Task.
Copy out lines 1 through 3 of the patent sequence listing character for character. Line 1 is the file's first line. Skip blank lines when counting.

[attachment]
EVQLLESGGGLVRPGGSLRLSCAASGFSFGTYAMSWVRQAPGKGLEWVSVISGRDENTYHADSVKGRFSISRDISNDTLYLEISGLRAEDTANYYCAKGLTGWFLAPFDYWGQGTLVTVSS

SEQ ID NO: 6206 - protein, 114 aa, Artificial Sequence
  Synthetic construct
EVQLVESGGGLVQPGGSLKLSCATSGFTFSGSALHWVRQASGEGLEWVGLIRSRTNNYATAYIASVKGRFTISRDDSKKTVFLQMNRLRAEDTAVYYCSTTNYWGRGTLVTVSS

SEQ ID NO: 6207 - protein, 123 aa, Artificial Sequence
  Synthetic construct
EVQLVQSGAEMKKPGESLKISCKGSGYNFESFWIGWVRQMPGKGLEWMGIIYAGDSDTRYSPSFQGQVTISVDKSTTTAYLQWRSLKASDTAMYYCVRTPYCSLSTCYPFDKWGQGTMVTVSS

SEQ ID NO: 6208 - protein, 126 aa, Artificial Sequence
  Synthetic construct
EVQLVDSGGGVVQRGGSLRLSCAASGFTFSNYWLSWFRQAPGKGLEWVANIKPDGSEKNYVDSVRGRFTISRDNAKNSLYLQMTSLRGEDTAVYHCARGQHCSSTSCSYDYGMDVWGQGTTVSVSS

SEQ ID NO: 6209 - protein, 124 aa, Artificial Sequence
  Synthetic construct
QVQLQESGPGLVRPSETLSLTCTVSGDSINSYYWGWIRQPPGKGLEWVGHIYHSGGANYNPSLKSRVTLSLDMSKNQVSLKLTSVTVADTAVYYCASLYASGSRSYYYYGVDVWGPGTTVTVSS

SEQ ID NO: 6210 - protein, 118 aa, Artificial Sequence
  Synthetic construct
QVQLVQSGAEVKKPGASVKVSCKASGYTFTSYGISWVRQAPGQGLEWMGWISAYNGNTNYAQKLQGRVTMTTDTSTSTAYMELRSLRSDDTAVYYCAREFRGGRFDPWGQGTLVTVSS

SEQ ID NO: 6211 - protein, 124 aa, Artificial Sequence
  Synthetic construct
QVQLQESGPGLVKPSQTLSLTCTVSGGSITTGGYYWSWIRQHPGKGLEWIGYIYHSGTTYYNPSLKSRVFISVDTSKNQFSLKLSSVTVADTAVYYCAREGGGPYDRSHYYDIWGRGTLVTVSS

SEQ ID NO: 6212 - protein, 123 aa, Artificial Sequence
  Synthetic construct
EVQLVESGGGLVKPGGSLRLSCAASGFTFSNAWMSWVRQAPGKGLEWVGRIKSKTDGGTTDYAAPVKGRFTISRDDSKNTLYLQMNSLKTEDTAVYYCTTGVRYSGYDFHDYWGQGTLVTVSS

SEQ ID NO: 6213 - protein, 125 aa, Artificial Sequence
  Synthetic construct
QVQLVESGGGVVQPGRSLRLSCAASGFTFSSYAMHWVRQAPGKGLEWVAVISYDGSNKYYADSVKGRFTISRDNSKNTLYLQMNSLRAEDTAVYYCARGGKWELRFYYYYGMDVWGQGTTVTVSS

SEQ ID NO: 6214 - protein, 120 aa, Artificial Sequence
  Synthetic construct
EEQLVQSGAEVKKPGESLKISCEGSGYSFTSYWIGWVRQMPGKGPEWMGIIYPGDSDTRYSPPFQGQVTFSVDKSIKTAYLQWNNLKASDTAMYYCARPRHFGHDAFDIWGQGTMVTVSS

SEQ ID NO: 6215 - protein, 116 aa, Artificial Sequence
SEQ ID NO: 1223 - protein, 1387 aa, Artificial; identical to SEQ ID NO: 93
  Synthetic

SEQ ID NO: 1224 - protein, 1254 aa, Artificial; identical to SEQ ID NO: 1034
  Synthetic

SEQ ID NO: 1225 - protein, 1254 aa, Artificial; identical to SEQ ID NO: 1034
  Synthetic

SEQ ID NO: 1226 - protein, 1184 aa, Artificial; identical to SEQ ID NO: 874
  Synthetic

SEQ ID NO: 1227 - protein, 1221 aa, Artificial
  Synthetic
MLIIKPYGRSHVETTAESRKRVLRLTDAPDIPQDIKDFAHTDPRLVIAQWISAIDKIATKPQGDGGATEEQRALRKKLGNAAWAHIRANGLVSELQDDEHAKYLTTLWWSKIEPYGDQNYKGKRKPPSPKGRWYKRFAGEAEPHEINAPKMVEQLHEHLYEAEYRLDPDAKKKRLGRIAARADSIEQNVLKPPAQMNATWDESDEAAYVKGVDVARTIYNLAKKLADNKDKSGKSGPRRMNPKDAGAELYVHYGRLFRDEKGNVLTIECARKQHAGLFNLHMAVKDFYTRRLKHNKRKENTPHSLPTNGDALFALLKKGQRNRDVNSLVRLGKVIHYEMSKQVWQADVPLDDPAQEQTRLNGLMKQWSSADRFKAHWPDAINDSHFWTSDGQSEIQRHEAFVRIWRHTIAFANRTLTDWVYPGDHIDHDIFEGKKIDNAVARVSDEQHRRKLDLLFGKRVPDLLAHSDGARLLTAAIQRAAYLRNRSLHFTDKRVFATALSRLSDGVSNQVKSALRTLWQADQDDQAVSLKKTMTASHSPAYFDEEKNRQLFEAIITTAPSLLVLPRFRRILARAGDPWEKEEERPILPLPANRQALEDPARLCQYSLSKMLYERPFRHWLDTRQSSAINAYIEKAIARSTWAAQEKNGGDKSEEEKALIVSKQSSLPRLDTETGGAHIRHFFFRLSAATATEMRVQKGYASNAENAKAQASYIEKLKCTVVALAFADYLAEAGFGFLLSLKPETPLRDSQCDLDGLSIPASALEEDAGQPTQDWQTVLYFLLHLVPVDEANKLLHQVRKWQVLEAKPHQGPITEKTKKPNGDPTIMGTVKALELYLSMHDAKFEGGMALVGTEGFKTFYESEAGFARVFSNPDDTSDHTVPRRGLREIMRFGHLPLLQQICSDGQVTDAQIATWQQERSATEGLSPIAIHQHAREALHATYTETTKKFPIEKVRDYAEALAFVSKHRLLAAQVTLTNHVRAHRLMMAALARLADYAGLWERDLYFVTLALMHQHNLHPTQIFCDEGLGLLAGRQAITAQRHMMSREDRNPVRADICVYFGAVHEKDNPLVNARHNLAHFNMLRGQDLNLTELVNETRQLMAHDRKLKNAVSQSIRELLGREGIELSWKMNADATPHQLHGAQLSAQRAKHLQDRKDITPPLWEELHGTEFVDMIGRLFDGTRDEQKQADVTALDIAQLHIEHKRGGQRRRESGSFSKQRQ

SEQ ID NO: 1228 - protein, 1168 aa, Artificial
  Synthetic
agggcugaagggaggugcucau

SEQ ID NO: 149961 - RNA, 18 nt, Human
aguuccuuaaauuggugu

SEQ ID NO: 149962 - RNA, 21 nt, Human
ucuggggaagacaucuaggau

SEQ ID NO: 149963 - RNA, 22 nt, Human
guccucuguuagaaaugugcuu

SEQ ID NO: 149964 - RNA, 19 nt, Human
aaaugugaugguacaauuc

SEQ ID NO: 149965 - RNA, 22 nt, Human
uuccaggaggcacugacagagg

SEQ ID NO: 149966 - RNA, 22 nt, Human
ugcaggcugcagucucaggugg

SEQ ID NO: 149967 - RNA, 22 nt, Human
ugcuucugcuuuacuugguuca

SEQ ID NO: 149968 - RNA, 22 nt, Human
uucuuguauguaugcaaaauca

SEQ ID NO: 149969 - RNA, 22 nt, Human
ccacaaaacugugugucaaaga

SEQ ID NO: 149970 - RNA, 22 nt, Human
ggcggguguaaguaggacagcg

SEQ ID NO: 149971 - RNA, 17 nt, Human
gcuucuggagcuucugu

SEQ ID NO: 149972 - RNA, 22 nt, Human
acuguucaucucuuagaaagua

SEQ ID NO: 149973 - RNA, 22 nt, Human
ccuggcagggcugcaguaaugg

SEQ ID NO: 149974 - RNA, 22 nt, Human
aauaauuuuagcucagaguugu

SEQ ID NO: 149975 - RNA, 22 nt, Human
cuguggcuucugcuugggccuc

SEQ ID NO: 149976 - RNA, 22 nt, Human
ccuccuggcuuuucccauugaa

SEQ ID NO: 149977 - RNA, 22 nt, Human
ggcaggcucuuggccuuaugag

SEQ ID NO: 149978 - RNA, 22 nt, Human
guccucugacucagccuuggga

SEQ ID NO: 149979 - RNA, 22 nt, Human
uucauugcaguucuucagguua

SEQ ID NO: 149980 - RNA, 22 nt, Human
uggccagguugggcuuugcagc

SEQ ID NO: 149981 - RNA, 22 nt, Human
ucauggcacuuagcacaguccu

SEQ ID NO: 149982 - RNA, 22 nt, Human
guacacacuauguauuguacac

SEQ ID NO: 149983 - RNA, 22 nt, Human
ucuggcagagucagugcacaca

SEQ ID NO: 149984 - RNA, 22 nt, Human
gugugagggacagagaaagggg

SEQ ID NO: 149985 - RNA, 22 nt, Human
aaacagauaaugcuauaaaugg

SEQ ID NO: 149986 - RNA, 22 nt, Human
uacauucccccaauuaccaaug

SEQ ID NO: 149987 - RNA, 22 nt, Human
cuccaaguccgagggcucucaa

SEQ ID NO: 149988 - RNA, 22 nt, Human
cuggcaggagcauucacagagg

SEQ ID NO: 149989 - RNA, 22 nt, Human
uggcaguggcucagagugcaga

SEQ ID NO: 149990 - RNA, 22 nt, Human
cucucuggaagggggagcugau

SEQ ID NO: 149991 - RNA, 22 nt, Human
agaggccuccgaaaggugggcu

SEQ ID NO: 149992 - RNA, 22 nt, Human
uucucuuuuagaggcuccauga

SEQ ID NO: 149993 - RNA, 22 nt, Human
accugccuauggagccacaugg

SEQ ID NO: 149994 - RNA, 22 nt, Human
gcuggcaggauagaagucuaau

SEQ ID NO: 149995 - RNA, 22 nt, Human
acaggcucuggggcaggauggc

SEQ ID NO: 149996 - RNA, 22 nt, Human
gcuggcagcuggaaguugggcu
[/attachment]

EVQLLESGGGLVRPGGSLRLSCAASGFSFGTYAMSWVRQAPGKGLEWVSVISGRDENTYHADSVKGRFSISRDISNDTLYLEISGLRAEDTANYYCAKGLTGWFLAPFDYWGQGTLVTVSS

SEQ ID NO: 6206 - protein, 114 aa, Artificial Sequence
  Synthetic construct